Comedy group brings new approach of brainstorming to the Neeley School


TCU School of Journalism

The Four Day Weekend has become the Neeley School of Business’ Entrepreneur-In-Residence this year. Three co-founders are working on instruction videos about “Yes, and” business philosophy, which will be used as part of the Neeley school’s curriculum for the upcoming school year.

A Fort Worth-based comedy group is using an improvisational model to improve how students brainstorm at TCU.

The group, Four Day Weekend, is the Neeley School of Business’s newest Entrepreneur-in-Residence.

Four Day Weekend uses the improvisational concept of building ideas by contributing to what others have said by simply saying, “Yes, and…”

The Neeley School announced the partnership with the Four Day Weekend troupe in January.

Frank Ford, one of the co-founders of Four Day Weekend, said he is grateful for the opportunity to be an Entrepreneur-In-Residence. Ford said the Neeley School of Business gave the group the opportunity to share their “out of the box” approach.

“It really speaks to the progressive thinking that makes it such an elite program,” Ford said.

The three co-founders of Four Day Weekend — David Milk, David Ahearn, and Ford — started their business with just $700 in 1997.

Now, the co-founders have their own 212-seat theater, perform every weekend and teach improvisation training classes in downtown Fort Worth.

Four Day Weekend is more than a comedy troupe — they are entrepreneurs that teach what they do. The group invented the “Yes, and” strategy on stage and turned it into their own business model.

“We’re going around Fort Worth and realize that this is a great organization,” said Matthew Smilor, director of the Values and Ventures program.

Smilor said the troupe does a great job of implementing the values the Neeley School represents, teaching students about having an entrepreneurial mindset and adapting to different situations.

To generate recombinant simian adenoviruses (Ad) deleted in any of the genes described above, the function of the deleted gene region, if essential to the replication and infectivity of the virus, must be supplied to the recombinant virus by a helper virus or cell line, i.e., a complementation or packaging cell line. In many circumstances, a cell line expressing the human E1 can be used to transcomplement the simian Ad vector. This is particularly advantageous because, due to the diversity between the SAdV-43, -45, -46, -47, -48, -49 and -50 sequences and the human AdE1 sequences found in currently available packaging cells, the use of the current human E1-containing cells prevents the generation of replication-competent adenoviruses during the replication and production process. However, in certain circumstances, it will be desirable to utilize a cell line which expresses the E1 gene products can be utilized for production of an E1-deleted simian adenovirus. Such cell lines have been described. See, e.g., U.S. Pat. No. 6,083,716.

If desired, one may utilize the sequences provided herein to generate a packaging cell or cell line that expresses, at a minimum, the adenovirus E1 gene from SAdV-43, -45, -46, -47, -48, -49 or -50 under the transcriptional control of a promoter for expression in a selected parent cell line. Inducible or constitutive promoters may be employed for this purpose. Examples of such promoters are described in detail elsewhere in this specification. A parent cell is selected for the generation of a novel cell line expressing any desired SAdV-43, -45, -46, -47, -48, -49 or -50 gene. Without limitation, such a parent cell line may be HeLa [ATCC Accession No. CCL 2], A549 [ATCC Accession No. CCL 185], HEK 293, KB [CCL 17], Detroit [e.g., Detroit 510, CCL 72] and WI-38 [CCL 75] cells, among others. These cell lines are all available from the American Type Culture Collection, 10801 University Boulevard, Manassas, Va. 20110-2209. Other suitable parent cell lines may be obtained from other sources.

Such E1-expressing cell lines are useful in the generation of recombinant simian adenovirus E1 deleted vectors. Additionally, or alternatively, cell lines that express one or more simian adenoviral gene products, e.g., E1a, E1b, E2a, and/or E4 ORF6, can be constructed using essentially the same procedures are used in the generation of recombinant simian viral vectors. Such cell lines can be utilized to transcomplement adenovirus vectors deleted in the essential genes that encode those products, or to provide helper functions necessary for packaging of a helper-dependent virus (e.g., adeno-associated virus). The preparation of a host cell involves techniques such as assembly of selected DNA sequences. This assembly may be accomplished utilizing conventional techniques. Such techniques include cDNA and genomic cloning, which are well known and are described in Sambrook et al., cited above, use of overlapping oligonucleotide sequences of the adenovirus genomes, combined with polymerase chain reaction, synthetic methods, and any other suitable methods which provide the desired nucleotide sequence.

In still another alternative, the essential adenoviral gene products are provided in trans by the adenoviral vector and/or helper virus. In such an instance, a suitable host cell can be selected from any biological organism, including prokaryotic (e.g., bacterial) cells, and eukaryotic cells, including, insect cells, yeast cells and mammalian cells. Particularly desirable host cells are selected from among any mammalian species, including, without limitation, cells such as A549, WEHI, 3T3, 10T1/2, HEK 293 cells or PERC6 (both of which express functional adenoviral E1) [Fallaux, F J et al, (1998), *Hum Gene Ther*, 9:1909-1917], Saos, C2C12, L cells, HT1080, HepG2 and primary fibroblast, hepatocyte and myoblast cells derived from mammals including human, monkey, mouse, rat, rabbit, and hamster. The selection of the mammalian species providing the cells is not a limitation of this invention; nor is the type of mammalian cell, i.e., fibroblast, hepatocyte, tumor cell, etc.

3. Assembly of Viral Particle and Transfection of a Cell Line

That flexibility is a critical skill in the business world, and students can learn to implement that skill through improvisation, Smilor said.

“The improvisation is, you’ll need to be able to listen, you’ll need to be able to understand, you’ll need to be able to roll with the punches,” Smilor said.

The troupe performed as the keynote speakers at the Bolin Innovation Forum on April 9.

International and domestic students participating in TCU’s Richards Barrentine Values and Ventures competition had a chance to learn about the “Yes, and” principle.

“It’s great to get to share with students and faculty here,” Ford said. “So that they can see ‘Oh, you can take a very positive approach to business and to life and be successful too.’”

The group is planning to create humorous instructional videos to teach Neeley business students how to implement the “yes, and” method.

“We have some really fun stuff planned for the upcoming year,” Ford said. “Our presentations will be motivational, inspirational and interactive.”

Ford said he also hopes the group will inspire students to approach all aspects of life with positivity.

“A person can be ethical and successful in business,” Ford said. “We’ve built a very successful business over the years by embracing the “Yes, and” philosophy, both onstage and off.”